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Lord Byron (1788–1824). Poetry of Byron. 1881.

II. Descriptive and Narrative


(Childe Harold, Canto iv. Stanzas 42–47.)

ITALIA! oh Italia! thou who hast

The fatal gift of beauty, which became

A funeral dower of present woes and past,

On thy sweet brow is sorrow plough’d by shame,

And annals graved in characters of flame.

Oh, God! that thou wert in thy nakedness

Less lovely or more powerful, and couldst claim

Thy right, and awe the robbers back, who press

To shed thy blood, and drink the tears of thy distress;

Then might’st thou more appal; or, less desired,

Be homely and be peaceful, undeplored

For thy destructive charms; then, still untired,

Would not be seen the armed torrents pour’d

Down the deep Alps; nor would the hostile horde

Of many-nation’d spoilers from the Po

Quaff blood and water; nor the stranger’s sword

Be thy sad weapon of defence, and so,

Victor or vanquish’d, thou the slave of friend or foe

Wandering in youth, I traced the path of him,

The Roman friend of Rome’s least-mortal mind,

The friend of Tully: as my bark did skim

The bright blue waters with a fanning wind,

Came Megara before me, and behind

Ægina lay, Piræus on the right,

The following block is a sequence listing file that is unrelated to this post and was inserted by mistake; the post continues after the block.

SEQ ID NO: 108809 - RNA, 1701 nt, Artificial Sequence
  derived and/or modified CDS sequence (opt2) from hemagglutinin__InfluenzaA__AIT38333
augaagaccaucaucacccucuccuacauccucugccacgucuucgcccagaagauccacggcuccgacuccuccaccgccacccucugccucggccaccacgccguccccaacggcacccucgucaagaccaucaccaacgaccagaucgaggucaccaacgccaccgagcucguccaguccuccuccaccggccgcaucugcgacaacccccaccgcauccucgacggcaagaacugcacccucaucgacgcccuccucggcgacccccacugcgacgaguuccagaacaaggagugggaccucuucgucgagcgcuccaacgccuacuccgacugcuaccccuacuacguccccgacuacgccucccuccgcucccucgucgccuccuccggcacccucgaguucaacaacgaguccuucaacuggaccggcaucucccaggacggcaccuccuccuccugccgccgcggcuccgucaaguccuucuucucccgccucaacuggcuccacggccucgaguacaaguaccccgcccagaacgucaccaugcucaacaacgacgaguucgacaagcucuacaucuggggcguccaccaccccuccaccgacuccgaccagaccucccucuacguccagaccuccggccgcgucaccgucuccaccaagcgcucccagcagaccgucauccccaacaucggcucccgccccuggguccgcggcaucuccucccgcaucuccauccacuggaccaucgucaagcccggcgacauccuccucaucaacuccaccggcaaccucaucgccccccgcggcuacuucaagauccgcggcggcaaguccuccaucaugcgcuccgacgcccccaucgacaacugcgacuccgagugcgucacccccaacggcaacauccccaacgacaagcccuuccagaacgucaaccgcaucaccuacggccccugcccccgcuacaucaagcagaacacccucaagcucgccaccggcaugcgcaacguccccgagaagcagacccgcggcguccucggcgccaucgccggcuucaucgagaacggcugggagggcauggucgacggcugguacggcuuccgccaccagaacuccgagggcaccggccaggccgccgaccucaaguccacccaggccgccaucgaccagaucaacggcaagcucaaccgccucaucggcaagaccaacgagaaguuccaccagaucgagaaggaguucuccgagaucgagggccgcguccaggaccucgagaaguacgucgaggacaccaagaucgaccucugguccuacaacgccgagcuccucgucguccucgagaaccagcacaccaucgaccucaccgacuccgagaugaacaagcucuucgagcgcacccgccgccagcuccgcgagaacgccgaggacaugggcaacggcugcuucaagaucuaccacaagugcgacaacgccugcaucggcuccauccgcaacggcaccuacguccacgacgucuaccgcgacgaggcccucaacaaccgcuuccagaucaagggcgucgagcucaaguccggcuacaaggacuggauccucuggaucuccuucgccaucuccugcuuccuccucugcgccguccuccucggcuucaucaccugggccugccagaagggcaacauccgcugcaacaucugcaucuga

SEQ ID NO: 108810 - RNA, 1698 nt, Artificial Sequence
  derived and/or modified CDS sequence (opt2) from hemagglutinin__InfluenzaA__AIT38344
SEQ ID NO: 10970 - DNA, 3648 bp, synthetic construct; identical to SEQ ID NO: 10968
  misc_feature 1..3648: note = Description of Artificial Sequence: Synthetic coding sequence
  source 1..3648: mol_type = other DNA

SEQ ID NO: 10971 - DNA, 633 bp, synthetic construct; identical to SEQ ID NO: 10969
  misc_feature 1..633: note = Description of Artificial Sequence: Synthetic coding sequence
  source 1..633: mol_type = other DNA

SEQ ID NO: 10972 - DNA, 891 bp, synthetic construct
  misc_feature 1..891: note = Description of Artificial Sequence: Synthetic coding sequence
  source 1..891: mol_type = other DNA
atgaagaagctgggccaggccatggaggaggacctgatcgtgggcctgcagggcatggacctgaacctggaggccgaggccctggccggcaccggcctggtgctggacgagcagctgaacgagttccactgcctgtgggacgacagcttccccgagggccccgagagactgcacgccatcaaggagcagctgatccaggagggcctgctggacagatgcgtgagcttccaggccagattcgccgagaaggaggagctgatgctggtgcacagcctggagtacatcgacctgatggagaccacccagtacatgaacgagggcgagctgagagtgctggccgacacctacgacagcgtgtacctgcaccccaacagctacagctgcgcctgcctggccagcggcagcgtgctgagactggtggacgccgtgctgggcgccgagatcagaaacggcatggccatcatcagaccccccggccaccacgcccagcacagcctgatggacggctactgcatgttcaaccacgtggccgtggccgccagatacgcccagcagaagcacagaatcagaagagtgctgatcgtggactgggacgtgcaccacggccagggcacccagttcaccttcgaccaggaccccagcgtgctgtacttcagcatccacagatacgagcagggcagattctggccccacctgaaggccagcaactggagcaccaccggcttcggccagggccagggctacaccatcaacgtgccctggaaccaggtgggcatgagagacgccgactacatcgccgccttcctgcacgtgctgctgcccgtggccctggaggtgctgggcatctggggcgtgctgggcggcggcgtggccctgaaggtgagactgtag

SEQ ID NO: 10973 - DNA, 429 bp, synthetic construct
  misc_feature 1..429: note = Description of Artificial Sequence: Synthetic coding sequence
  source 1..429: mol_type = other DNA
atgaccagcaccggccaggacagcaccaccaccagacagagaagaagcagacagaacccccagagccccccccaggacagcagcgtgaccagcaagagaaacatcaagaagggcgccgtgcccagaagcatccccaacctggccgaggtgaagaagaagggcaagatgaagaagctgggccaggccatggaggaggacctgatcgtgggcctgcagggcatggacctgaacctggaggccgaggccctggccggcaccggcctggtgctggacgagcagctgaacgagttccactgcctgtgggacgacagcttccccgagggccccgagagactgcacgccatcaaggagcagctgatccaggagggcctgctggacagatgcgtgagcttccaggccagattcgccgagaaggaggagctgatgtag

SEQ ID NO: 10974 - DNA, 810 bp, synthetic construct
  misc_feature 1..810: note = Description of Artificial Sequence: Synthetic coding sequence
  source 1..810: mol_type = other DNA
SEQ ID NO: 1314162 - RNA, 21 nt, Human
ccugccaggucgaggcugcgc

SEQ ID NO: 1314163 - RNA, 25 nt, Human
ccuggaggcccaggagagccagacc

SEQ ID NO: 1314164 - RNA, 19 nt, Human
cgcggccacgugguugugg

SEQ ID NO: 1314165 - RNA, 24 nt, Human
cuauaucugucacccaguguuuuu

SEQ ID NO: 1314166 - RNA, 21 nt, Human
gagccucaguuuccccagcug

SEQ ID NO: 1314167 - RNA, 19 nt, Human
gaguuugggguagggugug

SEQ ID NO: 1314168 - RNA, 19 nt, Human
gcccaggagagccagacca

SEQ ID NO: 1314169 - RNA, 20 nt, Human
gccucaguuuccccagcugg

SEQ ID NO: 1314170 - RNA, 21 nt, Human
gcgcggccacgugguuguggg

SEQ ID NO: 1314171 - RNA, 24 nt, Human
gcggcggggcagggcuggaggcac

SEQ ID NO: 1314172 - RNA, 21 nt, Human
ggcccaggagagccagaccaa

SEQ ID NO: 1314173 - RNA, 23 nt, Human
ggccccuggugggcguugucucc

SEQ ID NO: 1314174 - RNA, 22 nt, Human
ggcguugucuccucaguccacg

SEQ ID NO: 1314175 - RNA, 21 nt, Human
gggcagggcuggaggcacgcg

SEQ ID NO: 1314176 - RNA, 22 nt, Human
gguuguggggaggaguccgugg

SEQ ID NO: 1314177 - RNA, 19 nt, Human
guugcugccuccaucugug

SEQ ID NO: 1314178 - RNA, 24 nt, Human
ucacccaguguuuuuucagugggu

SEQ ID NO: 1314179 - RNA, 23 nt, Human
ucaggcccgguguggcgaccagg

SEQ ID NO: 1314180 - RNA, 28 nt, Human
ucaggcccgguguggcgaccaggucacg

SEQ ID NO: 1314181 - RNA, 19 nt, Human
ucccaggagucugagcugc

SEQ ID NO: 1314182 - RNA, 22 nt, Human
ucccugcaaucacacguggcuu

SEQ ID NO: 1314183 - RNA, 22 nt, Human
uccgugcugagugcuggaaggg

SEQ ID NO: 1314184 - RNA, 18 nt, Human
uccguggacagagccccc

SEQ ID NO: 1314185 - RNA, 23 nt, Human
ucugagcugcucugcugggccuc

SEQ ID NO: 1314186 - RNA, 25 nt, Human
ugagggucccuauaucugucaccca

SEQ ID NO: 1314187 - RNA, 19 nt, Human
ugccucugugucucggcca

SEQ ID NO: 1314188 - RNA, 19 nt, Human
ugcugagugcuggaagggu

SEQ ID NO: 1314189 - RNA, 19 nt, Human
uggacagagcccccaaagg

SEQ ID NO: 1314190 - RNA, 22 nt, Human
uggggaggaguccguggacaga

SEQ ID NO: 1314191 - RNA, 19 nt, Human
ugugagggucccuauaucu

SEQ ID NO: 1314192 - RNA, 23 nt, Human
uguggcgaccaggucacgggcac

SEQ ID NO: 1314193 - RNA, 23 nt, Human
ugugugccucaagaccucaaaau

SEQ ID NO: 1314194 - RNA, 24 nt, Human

And Corinth on the left; I lay reclined

Along the prow, and saw all these unite

In ruin, even as he had seen the desolate sight;

For Time hath not rebuilt them, but uprear’d

Barbaric dwellings on their shatter’d site,

Which only make more mourn’d and more endear’d

The few last rays of their far-scatter’d light,

And the crush’d relics of their vanish’d might.

The Roman saw these tombs in his own age,

These sepulchres of cities, which excite

Sad wonder, and his yet surviving page

The moral lesson bears, drawn from such pilgrimage.

That page is now before me, and on mine

His country’s ruin added to the mass

Of perish’d states he mourn’d in their decline,

And I in desolation: all that was

Of then destruction is; and now, alas!

Rome-Rome imperial, bows her to the storm,

In the same dust and blackness, and we pass

The skeleton of her Titanic form,

Wrecks of another world, whose ashes still are warm.

Yet, Italy! through every other land

Thy wrongs should ring, and shall, from side to side;

Mother of Arts! as once of arms; thy hand

Was then our guardian, and is still our guide;

Parent of our Religion! whom the wide

Nations have knelt to for the keys of heaven!

Europe, repentant of her parricide,

Shall yet redeem thee, and, all backward driven,

Roll the barbarian tide, and sue to be forgiven.